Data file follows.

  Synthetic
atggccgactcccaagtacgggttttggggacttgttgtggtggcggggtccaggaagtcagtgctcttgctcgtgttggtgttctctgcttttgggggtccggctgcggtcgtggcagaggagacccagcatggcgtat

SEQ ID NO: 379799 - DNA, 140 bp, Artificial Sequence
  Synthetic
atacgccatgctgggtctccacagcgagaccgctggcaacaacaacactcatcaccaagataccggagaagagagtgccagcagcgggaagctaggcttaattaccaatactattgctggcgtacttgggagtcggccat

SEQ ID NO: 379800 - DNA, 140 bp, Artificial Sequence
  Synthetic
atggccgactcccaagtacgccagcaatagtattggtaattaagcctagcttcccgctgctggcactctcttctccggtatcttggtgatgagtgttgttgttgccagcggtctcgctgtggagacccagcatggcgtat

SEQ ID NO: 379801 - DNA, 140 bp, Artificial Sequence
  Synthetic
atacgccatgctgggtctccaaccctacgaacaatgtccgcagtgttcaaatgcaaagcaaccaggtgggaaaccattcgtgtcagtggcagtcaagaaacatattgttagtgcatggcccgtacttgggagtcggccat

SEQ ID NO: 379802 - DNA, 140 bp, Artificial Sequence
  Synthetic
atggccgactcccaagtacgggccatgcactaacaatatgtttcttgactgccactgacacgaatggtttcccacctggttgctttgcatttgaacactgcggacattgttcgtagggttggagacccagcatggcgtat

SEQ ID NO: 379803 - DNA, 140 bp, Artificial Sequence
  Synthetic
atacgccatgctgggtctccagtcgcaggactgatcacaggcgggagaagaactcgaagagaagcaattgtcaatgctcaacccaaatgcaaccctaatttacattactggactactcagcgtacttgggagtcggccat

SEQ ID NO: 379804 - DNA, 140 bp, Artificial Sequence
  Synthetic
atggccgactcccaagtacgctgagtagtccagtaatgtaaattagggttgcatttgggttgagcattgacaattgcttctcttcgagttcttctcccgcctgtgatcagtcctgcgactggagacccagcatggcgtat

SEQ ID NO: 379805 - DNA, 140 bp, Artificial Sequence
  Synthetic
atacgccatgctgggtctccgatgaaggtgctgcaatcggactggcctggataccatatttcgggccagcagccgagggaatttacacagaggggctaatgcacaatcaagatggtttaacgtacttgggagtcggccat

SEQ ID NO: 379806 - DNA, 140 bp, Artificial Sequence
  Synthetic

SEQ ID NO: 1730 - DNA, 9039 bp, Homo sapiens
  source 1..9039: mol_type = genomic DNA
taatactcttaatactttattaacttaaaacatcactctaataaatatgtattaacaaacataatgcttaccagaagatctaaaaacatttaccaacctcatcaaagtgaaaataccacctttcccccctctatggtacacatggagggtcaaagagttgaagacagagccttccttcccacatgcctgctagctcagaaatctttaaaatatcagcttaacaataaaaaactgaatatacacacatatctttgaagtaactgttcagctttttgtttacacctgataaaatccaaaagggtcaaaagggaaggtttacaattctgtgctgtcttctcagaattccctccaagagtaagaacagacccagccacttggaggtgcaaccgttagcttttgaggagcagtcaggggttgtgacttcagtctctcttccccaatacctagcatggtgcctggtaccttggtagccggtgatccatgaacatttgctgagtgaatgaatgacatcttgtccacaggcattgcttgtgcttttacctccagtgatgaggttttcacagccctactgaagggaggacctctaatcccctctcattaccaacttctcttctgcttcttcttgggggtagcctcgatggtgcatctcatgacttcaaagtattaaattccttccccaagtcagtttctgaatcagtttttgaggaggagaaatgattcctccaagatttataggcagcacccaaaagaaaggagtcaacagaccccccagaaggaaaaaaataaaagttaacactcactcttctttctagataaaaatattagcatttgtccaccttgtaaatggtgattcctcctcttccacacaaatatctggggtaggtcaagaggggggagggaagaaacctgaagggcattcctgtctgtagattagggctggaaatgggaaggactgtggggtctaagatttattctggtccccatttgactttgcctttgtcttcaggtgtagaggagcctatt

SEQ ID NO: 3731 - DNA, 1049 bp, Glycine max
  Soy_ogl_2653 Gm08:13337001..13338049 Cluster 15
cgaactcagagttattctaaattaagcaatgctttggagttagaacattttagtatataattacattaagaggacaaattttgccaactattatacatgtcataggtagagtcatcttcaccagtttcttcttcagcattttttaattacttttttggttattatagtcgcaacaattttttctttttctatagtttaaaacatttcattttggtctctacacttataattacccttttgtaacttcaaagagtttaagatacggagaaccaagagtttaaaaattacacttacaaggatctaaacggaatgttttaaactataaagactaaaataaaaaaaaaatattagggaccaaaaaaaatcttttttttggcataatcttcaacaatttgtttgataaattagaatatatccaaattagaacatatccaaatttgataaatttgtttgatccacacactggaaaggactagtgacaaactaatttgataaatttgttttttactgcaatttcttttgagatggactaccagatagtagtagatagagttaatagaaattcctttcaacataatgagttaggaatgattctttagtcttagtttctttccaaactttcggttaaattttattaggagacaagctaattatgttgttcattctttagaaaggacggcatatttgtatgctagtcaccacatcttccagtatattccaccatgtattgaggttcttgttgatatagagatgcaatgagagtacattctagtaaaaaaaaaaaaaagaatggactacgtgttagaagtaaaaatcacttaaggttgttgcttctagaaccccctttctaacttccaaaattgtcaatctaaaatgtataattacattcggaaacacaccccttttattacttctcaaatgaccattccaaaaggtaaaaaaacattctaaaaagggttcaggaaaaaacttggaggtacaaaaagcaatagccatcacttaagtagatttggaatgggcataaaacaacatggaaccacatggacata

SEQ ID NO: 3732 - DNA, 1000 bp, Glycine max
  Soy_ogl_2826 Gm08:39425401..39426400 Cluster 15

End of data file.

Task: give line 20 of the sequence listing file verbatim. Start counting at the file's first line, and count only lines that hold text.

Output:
atggccgactcccaagtacgctgagtagtccagtaatgtaaattagggttgcatttgggttgagcattgacaattgcttctcttcgagttcttctcccgcctgtgatcagtcctgcgactggagacccagcatggcgtat